Wednesday, November 07, 2007

Rolling group class

Gosh, do I struggle with group class. How do you teach a Suzuki group class of a dozen and a bit that includes children from 4 to 15, from early Book 1 to beyond Book 10? How do you ensure that the 6-year-old with the limited attention span feels included for most of his class time, and that the 14-year-old who is working at the same level as the 4-year-old (that's Fiona) doesn't feel self-conscious? What to do with the competitive 11-year-old in early Book 3 who isn't reading or playing well enough to join the more advanced cohort (mid-book-4-plus) for ensemble playing? What do you do with the lone violist (that's Noah) who can't play any of the post-book-3 repertoire with the violinists? And how in heaven's name do you give the two girls in Books 6 and 10+ (that's Erin) anything meaningful to do? (The photo I've uploaded is not actually our group class, though it includes four of our group's members and is in the same location. Our group is, as you'll no doubt now realize, much less homogeneous than the 2006 institute group class photographed.)

There are about 15 students (a couple of whom are "play-along parents") and they all clearly thrive on the sense of community that group class engenders. They pretty much all feel that the classes are worthwhile and "fun." So I continue to try to teach this motley crew, once every second Tuesday.

Every year, in fact more like every class, I try something a little different. I take consolation by reminding myself that anything is probably better than nothing, but sometimes I don't even quite believe that. This year, though, we've moved to a sort of "rolling group class" that spans about 100 minutes and includes different students at different times in different activities, depending on their ages and levels.

We start out all together. This is when we do the regular rituals. We start with an all-together bow to say hello, and a Twinkle or two. If there are any organizational announcements we deal with those, and then I go through the "Questions" (which I forgot last night, because Fiona was having a sad spell and I was a little distracted, but normally we do them). They're things like whether anyone has had a birthday, or got a new instrument, or had any notable musical experiences. There are a few silly questions ("Anyone get married? Divorced? Change their name?") that are just part of the routine.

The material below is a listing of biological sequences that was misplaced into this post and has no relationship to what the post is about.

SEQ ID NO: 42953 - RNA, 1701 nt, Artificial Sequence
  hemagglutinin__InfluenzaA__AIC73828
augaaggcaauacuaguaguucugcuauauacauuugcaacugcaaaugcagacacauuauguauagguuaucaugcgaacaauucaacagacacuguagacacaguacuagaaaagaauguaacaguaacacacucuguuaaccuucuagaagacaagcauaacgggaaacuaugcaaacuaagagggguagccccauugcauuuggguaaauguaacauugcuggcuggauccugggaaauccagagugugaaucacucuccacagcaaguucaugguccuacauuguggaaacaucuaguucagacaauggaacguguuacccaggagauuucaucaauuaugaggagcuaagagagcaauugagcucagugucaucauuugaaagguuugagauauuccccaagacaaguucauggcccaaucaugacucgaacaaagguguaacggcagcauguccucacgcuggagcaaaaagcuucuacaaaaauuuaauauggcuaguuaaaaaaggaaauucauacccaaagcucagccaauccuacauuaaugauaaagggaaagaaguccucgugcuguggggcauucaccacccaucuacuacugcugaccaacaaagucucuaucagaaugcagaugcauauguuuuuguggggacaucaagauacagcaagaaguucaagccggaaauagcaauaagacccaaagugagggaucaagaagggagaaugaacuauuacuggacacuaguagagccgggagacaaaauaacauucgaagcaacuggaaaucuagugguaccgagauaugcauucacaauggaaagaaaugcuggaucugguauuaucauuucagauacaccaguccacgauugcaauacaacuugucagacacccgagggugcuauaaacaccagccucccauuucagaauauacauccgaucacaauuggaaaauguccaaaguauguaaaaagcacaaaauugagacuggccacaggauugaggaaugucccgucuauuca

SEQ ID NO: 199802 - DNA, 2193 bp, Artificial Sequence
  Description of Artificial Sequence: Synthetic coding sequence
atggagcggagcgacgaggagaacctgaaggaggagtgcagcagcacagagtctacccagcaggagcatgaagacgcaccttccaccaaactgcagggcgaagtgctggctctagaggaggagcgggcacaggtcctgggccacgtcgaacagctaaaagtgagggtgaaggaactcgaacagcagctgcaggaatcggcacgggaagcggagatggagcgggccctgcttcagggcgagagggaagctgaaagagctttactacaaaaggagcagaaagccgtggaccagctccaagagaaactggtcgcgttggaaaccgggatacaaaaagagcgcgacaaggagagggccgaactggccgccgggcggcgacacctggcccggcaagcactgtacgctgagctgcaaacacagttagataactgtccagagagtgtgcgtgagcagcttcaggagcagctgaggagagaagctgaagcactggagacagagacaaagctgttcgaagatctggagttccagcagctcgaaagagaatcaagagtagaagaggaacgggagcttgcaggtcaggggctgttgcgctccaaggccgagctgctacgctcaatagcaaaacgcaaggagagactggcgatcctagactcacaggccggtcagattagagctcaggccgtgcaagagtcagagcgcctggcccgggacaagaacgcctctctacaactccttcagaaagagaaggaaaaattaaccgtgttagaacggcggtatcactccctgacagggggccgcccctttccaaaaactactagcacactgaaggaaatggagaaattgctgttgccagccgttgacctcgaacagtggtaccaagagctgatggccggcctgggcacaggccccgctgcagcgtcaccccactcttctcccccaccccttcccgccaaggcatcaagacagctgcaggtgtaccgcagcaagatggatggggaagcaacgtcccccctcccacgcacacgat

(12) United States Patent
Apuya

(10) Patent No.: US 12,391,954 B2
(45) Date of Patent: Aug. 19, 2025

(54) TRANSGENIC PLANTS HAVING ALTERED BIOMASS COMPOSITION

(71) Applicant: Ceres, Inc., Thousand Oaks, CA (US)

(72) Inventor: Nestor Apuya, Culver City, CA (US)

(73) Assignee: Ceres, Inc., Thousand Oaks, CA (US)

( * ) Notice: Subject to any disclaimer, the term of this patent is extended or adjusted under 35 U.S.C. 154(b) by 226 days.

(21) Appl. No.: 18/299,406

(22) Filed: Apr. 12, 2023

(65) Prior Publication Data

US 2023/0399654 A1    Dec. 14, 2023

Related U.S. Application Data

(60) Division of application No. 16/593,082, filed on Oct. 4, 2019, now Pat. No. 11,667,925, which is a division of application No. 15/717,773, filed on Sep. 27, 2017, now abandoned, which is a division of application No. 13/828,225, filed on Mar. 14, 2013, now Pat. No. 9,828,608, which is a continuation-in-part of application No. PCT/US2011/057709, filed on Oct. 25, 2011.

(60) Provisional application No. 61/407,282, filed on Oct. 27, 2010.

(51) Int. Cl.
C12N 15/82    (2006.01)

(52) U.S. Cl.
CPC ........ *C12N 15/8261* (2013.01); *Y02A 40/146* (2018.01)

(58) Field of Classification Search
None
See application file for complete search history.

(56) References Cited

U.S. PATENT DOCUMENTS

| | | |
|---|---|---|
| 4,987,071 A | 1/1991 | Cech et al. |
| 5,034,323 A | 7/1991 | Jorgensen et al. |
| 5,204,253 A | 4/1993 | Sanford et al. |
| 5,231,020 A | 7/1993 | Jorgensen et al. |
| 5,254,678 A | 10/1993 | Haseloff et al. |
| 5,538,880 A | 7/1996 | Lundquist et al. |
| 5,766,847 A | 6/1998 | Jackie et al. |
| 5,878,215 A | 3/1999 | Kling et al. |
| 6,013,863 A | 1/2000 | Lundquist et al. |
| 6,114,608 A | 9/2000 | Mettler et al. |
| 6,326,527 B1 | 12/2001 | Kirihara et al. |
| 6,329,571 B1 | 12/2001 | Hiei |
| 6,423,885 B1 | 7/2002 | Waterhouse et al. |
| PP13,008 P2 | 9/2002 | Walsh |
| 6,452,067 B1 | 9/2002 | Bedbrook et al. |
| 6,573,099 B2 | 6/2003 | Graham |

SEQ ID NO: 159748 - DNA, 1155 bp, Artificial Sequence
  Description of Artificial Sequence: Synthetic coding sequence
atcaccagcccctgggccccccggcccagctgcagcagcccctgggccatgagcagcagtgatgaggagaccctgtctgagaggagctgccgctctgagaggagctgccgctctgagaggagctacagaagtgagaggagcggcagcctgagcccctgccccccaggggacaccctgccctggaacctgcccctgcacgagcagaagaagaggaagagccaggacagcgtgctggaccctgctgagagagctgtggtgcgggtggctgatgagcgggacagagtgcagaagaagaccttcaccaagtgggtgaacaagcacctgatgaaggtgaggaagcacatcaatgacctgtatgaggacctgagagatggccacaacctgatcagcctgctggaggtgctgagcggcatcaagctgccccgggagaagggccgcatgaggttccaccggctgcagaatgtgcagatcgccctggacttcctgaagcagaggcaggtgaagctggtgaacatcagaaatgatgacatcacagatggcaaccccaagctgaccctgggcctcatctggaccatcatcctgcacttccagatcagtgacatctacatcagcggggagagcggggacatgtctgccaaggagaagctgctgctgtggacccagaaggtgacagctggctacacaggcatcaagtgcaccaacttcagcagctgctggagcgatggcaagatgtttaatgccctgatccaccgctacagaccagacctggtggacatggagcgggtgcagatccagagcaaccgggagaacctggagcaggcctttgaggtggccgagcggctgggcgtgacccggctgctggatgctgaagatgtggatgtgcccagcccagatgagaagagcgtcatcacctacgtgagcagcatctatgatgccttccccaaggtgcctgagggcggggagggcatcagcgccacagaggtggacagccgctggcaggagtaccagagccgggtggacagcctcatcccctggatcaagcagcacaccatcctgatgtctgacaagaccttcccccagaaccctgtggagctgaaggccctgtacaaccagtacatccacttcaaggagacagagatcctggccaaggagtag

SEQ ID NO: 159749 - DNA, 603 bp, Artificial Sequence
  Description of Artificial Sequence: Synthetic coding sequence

And then we do some work on "basics." Maybe focusing on a posture point or technique point that more or less everyone can participate in working on. Or maybe rhythm or ear-training exercises. I try to include brief snippets of repertoire from Books 1 & 2, and maybe one snippet from Book 4 - 6, in order to apply or develop this skill or concept. I alternate early Book 1 with more advanced stuff so that the beginningest kid doesn't get antsy. Last night we worked on tapping and clapping and saying and stamping main beats and beat subdivisions, splitting the group into two halfs so that one would keep the beat and subdivisions and the other would play a piece. It kept everyone involved; the Book 1-2 students played an early piece while the Book 3+ students kept the beat. Then the Book 3+ students played a Book 3 piece while the less advanced ones kept the beat. And we did a little bit of an ear-training game, guessing intervals, mostly off-instrument. In this "all together" part of the class we'll often have a solo performance or two. Most children will do one or two solos during the year. Last night J. (late Book 5) played a beautiful rendition of the first piece in Book 3 with some impressive and hard-won musical expressiveness and technical clarity. After each solo, the audience of fellow students applaud, the performer bows, and then hands go up to contribute to a brief round of comments. I ask "what did you especially like about that performance?" Gradually the kids are getting more perceptive. Instead of saying "he had good posture" they'll now say "I really liked how it had a dance-like feeling and his body moved a bit to make the music come alive." Even Fiona is getting better. Last year she would say "I liked his bowhold." Last night she said "I liked the quiet parts, and his bowhold." :-) And she was right -- the dynamic contrasts were notable!